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in each of these three cases there is a finite index subgroup Γ in Modg,p and an automorphism φ : Γ → Γ such that φ is not the restriction of any automorphism of Modg,p . Thus the only unknown case is (g, b) = (1, 2). Problem 2.4. Let Γ be a subgroup of finite index in the mapping class group Mod1,2 and let φ : Γ → Γ be an automorphism. Is φ the restriction of an automorphism of Mod1,2 ? 1 In all situations we have discussed so far, the domain and the range of the homomorphism lie in the same mapping class group. A result about homomorphisms between the mapping class groups of surfaces of different genera is due to Harvey and the author [14]: if g > h, then the image of any homomorphism Modg → Modh is trivial, with only one exception (in the case g = 2, the order of the image is at most 2). It is now natural to ask the following question. Problem 2.5. Let g > h and let Γ be a finite index subgroup of Modg . Assume that g ≥ 3 and φ : Γ → Modh is a homomorphism. (a) Is the image of φ necessarily finite? (b) (A weaker version of (a)) Is the image of φ necessarily of infinite index in Modh . On the other hand, it is well known that H 1 (Modg ; Z) = 0 for all g. Another way of saying this is that any homomorphism Modg → Z is trivial. A problem of Ivanov in [25], Problem 2.11 (A), asks whether the same conclusion holds for finite index subgroups: Problem 2.6. Let Γ be a finite index subgroup of Modg . Is it true that H 1 (Γ; Z) = 0? There are some partial answers to Problem 2.6. If g ≥ 3 and if Γ contains the Torelli group, it was proved by McCarthy [37] that H 1 (Γ; Z) = 0. However, if g = 2, this is not true anymore; the first examples of finite index subgroups in Mod2 with nontrivial first cohomology were constructed by McCarthy in [37] and by Taherkhani in [43]. Moreover, if g = 1 or 2, it was shown in [31] that for each positive integer n ≥ 2 the mapping class group Modg contains a subgroup Γn of finite index which admits a homomorphism onto a free group of rank n. In particular, the rank of H 1 (Γn ; Z) is at least n. We note that a positive answer to Problem 1 (a) implies a positive answer to Problem 2.6. Note also that since there is a subgroup of finite index in Mod2 mapping onto a finite index subgroup of Mod1 , the hypothesis g ≥ 3 in Problem 1 is necessary. A special case of Problem 2.6 is still interesting. Suppose that g ≥ 3 and that Γ is s subgroup of finite index in Modg containing the Johnson group (or Johnson kernel) Kg , the subgroup of Modg generated of by Dehn twists about separating simple closed curves. Is it true that any homomorphism Γ → Z is trivial?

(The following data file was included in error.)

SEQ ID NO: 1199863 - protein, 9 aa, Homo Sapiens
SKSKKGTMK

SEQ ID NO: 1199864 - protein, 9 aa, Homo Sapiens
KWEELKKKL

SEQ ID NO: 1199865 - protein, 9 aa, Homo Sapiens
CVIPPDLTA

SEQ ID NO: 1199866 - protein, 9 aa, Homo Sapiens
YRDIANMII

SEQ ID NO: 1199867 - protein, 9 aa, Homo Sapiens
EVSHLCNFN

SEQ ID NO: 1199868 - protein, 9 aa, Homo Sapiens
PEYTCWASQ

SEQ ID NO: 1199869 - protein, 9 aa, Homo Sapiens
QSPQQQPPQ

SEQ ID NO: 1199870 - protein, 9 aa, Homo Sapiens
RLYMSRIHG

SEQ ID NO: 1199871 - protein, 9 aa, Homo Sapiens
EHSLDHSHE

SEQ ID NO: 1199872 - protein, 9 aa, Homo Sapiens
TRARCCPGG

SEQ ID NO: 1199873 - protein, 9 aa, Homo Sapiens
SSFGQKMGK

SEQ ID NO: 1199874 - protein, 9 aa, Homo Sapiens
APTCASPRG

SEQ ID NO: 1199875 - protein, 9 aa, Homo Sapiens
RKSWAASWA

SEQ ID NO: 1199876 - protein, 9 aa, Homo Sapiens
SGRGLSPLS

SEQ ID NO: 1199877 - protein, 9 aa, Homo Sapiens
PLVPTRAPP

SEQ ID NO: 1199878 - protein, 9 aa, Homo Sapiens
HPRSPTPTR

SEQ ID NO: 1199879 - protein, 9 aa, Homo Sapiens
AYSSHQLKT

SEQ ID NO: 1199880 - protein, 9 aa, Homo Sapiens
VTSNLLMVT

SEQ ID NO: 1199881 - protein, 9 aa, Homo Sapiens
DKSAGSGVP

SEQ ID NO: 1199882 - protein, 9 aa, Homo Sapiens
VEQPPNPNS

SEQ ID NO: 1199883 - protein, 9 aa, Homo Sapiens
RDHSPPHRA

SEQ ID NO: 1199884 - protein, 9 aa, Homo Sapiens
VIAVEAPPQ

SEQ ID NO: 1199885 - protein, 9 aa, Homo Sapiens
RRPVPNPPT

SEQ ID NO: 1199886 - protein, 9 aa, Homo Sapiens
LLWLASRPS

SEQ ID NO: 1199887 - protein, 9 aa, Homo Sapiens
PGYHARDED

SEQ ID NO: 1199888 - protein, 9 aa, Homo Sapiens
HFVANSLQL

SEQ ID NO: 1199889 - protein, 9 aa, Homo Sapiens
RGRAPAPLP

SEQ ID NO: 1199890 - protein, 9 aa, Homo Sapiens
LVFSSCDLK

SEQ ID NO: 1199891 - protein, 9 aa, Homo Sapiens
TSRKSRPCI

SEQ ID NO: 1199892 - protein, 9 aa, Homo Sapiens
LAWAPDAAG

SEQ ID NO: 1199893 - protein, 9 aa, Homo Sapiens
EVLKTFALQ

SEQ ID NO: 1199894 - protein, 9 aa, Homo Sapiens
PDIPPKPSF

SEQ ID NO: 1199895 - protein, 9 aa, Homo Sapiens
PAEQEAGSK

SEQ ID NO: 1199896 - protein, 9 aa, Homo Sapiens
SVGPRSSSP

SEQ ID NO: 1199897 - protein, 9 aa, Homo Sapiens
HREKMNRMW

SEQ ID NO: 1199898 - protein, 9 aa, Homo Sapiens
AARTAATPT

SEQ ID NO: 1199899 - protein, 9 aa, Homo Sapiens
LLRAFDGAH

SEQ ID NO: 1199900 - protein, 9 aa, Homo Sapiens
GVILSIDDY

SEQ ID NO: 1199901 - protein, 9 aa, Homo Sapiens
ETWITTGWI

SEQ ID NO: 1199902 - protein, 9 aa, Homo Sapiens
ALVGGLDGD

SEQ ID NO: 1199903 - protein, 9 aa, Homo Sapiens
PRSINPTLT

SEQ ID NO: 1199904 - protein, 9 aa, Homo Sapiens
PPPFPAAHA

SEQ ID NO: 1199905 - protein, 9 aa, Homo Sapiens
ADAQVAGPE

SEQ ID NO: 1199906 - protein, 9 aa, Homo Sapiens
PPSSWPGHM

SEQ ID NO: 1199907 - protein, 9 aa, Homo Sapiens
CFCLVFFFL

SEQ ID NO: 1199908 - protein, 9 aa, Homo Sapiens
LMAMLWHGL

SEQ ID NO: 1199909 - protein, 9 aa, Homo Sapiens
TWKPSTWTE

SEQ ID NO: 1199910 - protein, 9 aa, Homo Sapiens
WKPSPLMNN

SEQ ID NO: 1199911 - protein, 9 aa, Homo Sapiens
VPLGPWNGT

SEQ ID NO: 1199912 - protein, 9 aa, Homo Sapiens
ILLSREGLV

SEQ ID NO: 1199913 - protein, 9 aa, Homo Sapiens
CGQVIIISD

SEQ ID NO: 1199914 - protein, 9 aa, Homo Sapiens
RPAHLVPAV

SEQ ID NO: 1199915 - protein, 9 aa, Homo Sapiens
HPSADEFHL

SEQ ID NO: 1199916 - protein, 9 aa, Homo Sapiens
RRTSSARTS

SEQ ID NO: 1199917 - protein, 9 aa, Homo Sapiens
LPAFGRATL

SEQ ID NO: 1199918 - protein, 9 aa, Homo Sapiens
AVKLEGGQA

1After this paper is written up, Behrstock and Margalit announced in [2] that there exists an isomorphism

between finite index subgroups of Mod∗1,2 which is not the restriction of an inner automorphism.